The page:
Take the brie and start cutting the rind off.  I took off as much as I could, but I wasn't going for perfection.  Plus, it was nearly impossible to get all the rind off without wasting a whole bunch of cheese.

Maybe if you can find it - use RINDLESS brie.  Yeah.  Way less hassles.

And give the now rindless brie a rough chop.

And try not to snack on it.  It will just create more work for you.

More work = badness.

Then, take a firm-texture bread, tear it into pieces and throw it into the food processor to make bread crumbs.

What the heck is a firm-texture bread ANYWAY?  I totally guessed and used a french loaf.  I think it worked pretty well. 

But why not just SAY "French Loaf"?  I mean, what if you don't know what that means?  Like me?  It kind of makes me stressed out.

Anyway, this is what it should look like.

Okay, now you've been cooking your onions on medium-low heat for 100 years.  Up the heat to medium and add in the flour, salt, and pepper and stir to combine.  Then add in the milk and stir until thickened and bubbly.  Lower heat to medium-low and gradually add in the brie, stirring until melted.

Then, in a greased casserole dish, add the cheese mixture to the cooked macaroni and gently fold in the crab meat.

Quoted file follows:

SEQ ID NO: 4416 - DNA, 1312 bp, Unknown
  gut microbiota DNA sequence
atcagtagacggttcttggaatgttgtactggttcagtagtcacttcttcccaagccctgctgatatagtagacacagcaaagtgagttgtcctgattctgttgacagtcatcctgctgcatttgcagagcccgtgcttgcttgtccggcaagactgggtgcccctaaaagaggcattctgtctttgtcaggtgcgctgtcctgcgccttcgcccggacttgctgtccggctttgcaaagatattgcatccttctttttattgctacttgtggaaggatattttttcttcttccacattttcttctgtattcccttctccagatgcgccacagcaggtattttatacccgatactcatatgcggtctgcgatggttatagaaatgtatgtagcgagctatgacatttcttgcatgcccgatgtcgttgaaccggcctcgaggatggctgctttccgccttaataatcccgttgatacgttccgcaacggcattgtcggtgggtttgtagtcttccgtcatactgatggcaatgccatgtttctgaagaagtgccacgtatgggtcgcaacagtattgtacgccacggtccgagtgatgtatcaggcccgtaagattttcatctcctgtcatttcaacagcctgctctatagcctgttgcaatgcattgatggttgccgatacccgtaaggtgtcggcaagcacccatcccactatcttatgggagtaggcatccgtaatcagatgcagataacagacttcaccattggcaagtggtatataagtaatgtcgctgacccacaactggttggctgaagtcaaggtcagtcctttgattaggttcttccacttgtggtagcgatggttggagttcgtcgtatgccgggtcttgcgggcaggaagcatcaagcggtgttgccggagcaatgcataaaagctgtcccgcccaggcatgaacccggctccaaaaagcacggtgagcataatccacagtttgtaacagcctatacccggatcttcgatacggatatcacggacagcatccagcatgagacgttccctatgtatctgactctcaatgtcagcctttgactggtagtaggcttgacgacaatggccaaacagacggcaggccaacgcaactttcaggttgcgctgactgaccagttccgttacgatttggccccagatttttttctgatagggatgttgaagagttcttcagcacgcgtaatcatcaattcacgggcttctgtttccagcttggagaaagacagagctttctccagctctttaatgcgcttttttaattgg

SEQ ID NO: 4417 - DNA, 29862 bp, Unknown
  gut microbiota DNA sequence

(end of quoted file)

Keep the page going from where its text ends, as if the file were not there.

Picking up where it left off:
Top with the bread crumbs and extra brie.

And bake in a 350 degree F oven, for about 30 minutes or until the mixture is heated through and the crumbs are golden.

I made an oops.  I put the brie on top before I started cooking it.  But the recipe clearly says to put the brie on the top during the last 5 minutes of baking.

Before I go on, I need you to meet someone....

That's my Mom.  She is also known as Mommy.  And that's her little dog Zoe.  Zoe also goes by the names of Bad Dog, Little Dog, Big Dog, or Oh You're The CUTEST IN THE WORLD!!!!.

PS - it's nearly a miracle that Zoe doesn't look completely insane in this picture.  She's not terribly photogenic (she gets the crazy reflected light in her eyeballs ALL THE TIME) and she's horribly camera shy. 

Mom was totally patient while she waited 230 years for dinner.  And she didn't even petrify.  That was cool.

Oh, this was soo good.  Soooo goooooood.  Although I still think it could have used more crab meat.  And I was totally expecting it to be REALLY rich.  Would you believe me if I told you that it wasn't?    Cause it's true.

I would definitely have this again!

This is the Cane Girl - signing off.